I still get automated reminders on Mondays and Fridays at 9:45 a.m. that class is starting in 15 minutes in the bunker.
We didn't have class really in 12.1. We worked. We would occasionally get together as a group, but nothing formal. We didn't want to do anything conventional.
When it was time to start 12.2, I started thinking about how much I loved being in the classroom at VCU, and wondered if the structure would help balance the chaos. It became a fixture of 12 the rest of the time for me. It is one of the very few things in 12 that all the students seemed to enjoy and value.
When I saw the post on Huffington this morning about the predicting "massive" advertising layoffs in 2009, I thought about how I couldn't have class today without acknowledging the anxiety the students must be feeling. Towards graduation time, whether at VCU or 12, the anxiety level of the students was always high. The anxiety level of 12.5 has been high for a while.
If I were having class this morning, I'd probably break out the old Covey circle chart that distinguishes the difference between things that concern you vs. the things that you have influence over.
Covey asks us: draw a circle to contain everything that concerns you. The economy. What's going on in the industry. Your relationships. Your health. Whether you are going to get hired after graduation. Whether your fellow students will be team-minded or selfish. Whether your creative director likes your idea or not. Whether she thinks you are talented or not. Whether you will get hired. Where you will get hired. Whether you will like your new job. Whether anyone will ever find you attractive enough to fall in love with you. Whether your portfolio will be interesting. Whether there will be a screening in the agency with free food today sometime.
Covey then asks us to draw another circle inside that circle, a significantly smaller circle you might notice, and he calls it our Circle of Influence. Inside that circle goes everything that concerns you AND which you have some influence over.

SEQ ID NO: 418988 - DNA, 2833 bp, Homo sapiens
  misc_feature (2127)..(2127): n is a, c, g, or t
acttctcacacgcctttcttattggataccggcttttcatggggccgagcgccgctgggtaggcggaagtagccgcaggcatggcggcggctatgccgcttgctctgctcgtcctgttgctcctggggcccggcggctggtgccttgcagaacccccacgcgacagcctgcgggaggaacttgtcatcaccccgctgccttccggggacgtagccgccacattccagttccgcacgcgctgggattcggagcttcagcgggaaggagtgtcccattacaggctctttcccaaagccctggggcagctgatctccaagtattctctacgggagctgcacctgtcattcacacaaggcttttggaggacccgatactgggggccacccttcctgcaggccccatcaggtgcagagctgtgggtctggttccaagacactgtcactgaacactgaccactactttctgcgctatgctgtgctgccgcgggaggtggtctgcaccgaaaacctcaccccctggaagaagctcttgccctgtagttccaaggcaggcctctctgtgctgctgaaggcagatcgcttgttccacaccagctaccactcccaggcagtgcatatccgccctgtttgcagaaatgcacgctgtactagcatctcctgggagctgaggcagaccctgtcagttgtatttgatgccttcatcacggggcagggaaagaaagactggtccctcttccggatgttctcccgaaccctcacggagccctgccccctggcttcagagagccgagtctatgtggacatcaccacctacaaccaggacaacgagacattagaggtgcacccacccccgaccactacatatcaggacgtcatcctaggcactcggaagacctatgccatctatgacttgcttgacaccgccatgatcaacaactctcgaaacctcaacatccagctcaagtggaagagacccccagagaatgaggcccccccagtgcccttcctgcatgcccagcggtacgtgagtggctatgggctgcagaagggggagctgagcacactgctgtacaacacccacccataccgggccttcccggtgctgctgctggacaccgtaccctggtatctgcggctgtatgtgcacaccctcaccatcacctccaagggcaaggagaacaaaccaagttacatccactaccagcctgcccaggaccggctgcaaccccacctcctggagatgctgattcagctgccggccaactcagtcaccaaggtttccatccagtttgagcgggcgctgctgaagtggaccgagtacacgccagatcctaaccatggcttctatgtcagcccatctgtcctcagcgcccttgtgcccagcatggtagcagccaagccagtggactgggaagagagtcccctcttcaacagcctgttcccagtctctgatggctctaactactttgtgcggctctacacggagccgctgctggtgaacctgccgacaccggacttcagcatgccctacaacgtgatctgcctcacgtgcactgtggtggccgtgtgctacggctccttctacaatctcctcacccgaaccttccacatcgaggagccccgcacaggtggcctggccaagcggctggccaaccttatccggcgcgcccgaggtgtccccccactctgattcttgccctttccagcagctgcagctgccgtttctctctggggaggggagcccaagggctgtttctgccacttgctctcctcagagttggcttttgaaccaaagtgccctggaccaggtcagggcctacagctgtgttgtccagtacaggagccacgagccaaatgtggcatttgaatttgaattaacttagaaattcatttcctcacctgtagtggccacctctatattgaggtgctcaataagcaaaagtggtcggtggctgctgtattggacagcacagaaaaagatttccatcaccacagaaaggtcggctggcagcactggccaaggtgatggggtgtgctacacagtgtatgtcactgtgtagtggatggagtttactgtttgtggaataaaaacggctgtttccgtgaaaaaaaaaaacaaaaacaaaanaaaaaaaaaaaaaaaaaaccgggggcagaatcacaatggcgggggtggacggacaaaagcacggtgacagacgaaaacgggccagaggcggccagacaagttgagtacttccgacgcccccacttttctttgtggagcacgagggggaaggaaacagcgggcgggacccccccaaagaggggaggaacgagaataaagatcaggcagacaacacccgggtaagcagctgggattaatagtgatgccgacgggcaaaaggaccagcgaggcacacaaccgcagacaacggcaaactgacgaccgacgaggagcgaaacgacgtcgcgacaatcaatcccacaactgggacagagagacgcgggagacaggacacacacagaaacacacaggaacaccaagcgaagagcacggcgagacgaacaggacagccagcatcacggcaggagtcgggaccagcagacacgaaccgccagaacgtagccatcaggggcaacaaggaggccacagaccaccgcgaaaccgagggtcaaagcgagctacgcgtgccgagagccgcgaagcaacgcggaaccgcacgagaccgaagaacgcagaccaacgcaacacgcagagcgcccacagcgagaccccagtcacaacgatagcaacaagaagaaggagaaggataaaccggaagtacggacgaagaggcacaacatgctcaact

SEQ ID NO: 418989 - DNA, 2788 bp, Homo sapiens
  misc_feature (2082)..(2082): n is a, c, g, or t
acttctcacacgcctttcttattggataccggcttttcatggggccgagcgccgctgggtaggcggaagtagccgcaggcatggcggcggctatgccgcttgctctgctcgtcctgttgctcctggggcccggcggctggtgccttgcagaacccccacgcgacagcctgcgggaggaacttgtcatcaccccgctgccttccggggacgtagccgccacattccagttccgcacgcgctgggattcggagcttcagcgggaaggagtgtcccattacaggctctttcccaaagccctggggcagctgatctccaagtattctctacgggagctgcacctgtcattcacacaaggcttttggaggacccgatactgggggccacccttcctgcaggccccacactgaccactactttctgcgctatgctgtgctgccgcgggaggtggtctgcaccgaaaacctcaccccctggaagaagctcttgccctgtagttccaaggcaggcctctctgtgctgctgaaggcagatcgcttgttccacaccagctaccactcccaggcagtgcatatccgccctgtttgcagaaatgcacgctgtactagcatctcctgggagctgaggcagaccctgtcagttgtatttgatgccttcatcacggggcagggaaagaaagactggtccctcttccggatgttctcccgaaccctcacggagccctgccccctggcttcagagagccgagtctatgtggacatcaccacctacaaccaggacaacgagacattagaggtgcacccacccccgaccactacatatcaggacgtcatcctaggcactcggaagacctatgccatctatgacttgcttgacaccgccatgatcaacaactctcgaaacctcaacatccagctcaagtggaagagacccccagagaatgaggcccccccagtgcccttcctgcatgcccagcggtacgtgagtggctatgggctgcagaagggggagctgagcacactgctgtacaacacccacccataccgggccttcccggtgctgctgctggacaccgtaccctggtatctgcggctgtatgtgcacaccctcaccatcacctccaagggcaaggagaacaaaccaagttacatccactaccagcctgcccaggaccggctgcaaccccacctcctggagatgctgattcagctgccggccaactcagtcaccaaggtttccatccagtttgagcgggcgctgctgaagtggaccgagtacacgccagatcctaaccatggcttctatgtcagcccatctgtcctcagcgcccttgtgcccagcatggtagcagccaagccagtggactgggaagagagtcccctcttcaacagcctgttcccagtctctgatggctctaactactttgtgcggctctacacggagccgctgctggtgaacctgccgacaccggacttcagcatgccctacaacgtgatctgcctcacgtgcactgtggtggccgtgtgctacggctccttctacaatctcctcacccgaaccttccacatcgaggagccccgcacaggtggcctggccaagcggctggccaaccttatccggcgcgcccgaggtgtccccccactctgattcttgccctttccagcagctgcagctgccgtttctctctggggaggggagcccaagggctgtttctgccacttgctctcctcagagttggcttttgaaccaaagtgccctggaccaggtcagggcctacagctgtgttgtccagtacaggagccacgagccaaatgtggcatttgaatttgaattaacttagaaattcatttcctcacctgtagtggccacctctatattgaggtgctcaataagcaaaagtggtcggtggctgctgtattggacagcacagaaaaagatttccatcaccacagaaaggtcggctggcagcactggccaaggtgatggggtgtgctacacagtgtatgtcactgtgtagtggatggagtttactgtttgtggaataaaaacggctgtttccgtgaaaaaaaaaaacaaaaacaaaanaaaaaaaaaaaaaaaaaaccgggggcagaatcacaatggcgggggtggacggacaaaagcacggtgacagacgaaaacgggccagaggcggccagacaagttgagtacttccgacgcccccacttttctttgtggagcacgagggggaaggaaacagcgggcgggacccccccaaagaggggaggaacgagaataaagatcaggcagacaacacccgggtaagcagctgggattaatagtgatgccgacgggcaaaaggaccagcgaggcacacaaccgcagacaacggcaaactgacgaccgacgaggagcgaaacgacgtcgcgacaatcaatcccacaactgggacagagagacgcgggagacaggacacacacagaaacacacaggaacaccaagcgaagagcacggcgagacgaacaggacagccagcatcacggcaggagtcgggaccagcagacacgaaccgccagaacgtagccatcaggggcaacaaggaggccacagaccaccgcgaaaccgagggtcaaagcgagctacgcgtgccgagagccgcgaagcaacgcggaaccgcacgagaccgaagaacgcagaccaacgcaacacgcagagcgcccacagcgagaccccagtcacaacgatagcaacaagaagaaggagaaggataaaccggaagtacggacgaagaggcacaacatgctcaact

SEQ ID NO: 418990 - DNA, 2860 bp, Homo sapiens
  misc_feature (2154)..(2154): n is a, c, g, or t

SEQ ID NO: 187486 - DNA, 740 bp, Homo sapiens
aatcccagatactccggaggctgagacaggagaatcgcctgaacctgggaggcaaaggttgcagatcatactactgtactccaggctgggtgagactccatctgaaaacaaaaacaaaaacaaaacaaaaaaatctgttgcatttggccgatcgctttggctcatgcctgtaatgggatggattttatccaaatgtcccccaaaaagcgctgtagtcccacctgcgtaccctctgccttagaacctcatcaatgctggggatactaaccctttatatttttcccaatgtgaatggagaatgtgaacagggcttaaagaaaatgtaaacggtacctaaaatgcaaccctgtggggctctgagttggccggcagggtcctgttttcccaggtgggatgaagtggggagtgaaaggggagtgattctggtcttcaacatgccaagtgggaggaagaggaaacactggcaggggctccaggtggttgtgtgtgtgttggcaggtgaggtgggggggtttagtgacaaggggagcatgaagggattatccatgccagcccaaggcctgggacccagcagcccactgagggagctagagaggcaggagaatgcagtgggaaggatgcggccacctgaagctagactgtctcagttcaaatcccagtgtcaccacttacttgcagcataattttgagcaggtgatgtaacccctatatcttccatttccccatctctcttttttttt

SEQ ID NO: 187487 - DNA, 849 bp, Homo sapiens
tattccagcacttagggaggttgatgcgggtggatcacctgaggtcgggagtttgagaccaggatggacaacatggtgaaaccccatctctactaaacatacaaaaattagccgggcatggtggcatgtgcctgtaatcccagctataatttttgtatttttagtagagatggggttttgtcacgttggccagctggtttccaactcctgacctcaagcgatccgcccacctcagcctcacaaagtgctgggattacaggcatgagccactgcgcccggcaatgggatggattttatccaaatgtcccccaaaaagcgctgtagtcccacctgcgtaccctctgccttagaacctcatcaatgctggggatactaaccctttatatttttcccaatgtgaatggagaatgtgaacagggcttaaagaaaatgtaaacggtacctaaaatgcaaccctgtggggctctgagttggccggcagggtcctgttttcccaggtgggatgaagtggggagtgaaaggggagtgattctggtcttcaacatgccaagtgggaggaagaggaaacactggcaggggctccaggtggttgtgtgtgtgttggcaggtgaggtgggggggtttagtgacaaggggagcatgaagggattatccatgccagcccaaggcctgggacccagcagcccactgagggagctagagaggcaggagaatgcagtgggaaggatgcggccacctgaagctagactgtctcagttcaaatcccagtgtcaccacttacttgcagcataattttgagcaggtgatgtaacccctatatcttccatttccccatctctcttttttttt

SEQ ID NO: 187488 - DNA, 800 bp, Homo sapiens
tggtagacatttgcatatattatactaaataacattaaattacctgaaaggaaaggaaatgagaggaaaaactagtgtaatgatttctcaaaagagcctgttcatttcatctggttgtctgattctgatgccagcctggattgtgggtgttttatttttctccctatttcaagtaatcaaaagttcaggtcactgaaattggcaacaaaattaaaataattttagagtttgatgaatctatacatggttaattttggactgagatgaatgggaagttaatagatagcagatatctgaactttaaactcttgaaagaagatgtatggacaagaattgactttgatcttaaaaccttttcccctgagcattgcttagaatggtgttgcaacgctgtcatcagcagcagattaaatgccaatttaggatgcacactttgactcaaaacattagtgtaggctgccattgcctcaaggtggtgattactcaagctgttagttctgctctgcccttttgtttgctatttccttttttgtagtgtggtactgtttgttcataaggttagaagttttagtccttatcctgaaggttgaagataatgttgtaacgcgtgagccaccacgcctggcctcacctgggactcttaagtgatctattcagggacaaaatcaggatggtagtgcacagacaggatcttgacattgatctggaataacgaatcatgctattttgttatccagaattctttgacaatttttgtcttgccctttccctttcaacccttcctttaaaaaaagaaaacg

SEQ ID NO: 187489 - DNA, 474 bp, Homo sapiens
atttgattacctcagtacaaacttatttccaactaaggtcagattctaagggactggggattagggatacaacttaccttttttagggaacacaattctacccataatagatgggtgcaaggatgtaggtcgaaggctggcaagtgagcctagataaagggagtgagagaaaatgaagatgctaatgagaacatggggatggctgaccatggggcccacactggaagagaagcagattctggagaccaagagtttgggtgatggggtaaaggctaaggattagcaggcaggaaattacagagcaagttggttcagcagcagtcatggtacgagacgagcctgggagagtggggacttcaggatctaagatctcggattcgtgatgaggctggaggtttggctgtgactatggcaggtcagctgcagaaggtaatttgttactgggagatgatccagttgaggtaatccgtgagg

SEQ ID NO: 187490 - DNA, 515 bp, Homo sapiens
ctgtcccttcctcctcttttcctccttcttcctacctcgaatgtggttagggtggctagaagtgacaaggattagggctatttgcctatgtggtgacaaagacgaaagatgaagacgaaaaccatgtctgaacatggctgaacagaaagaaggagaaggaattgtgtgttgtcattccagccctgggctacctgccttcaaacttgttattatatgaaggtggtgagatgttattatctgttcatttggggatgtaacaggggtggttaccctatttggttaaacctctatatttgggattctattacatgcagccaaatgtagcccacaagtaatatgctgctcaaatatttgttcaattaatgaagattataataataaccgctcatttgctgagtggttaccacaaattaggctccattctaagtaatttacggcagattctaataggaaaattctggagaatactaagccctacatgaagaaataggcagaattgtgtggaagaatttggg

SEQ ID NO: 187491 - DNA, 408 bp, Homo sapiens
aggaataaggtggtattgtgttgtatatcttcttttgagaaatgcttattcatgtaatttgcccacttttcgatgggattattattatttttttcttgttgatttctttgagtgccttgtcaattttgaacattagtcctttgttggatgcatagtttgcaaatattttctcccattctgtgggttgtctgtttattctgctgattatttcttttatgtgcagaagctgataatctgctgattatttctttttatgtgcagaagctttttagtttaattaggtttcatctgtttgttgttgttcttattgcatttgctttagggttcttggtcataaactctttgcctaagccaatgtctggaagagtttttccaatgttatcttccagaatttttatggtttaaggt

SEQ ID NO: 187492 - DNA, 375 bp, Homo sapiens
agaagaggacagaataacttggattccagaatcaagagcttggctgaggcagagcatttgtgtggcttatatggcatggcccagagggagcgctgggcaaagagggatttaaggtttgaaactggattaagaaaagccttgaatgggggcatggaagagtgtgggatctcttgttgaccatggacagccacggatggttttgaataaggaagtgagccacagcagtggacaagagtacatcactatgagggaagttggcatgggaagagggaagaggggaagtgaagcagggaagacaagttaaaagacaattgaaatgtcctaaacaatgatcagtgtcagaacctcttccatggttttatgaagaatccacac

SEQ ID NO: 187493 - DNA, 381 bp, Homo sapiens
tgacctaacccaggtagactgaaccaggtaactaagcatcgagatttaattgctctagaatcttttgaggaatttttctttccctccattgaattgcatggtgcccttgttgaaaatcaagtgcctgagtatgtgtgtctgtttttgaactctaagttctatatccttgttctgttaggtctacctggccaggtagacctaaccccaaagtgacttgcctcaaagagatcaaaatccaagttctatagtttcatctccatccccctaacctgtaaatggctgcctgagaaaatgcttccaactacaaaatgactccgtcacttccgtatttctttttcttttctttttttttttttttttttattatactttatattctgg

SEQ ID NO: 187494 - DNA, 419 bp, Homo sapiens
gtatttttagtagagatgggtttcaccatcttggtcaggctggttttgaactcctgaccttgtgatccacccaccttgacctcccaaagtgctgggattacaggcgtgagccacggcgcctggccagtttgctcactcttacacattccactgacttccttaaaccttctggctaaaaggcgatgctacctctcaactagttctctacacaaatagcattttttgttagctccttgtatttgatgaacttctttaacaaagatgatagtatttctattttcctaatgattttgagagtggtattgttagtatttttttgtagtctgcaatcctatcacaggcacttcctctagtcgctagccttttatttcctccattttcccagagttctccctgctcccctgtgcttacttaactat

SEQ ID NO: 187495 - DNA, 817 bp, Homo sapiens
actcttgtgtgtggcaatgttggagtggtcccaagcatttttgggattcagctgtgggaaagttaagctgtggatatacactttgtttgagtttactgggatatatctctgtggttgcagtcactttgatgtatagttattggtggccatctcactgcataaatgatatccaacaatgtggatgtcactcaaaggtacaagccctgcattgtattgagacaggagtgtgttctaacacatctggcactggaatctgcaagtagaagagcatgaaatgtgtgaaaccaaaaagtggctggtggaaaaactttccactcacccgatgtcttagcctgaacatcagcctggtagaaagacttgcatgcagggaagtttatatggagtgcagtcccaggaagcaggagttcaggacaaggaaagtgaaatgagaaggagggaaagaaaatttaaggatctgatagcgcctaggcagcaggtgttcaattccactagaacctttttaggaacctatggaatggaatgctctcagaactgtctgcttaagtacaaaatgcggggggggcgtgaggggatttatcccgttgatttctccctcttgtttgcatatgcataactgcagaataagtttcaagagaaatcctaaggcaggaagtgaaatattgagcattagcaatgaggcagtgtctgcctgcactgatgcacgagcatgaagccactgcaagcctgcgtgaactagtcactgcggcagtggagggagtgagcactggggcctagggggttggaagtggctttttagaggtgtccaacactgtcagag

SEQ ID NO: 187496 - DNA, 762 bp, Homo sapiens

Put simply, you separate which things belong in which circle, and spend your time in the small circle, not the big circle. When we are freaking out, it is a good sign that we are have the content of our circles mixed up or we're spending time in the outside circle, not inside.
That's good enough to be super valuable, but then Covey adds this level of Jedi magic: when you spend time in the circle of influence, really focusing on the few things you can control, namely, yourself, that tiny circle enlarges and a lot of the things you have no influence on get taken care of. Doesn't make sense, in a beautiful way.
Conversely, spend time in the outside circle, freaking out by everything you can't do jack about, and your circle of influence gets smaller and smaller. Panic time.
So, separate what goes into what circle, make a list what's most important in that tiny circle, and get to it. Spend one hour on each of the top three things today! Easy! Don't worry about what gets accomplished! Chop chop!
When that doesn't work, I'd say what I've said to students for 10 years: that in a crap economy, nothing's better than being a student, or someone early in their career. You are hungier, fresher and more willing to work hard for low wages. People will love you.
Of course, given that there are still more than five months left in 12, there will likely be at least a handful of students, maybe more, who don't even know what they want to do after 12, whether they want to work in advertising at all, what the hell their job will be.
To them I'd say, 12 is a perfect place to be right now. In this economy, it is even more important that you spend time thinking deeply about your value to the world, what gives you joy, what you can do better than anyone else. As Luker told me, when you don't know what to do,
And then we could go see a movie! Since Benjamin Button and The Wrestler are not out, maybe we'd go to JCVD at Living Room, or Synecdoche NY at Fox Tower. If we hurry we can make the 11:40! Come on!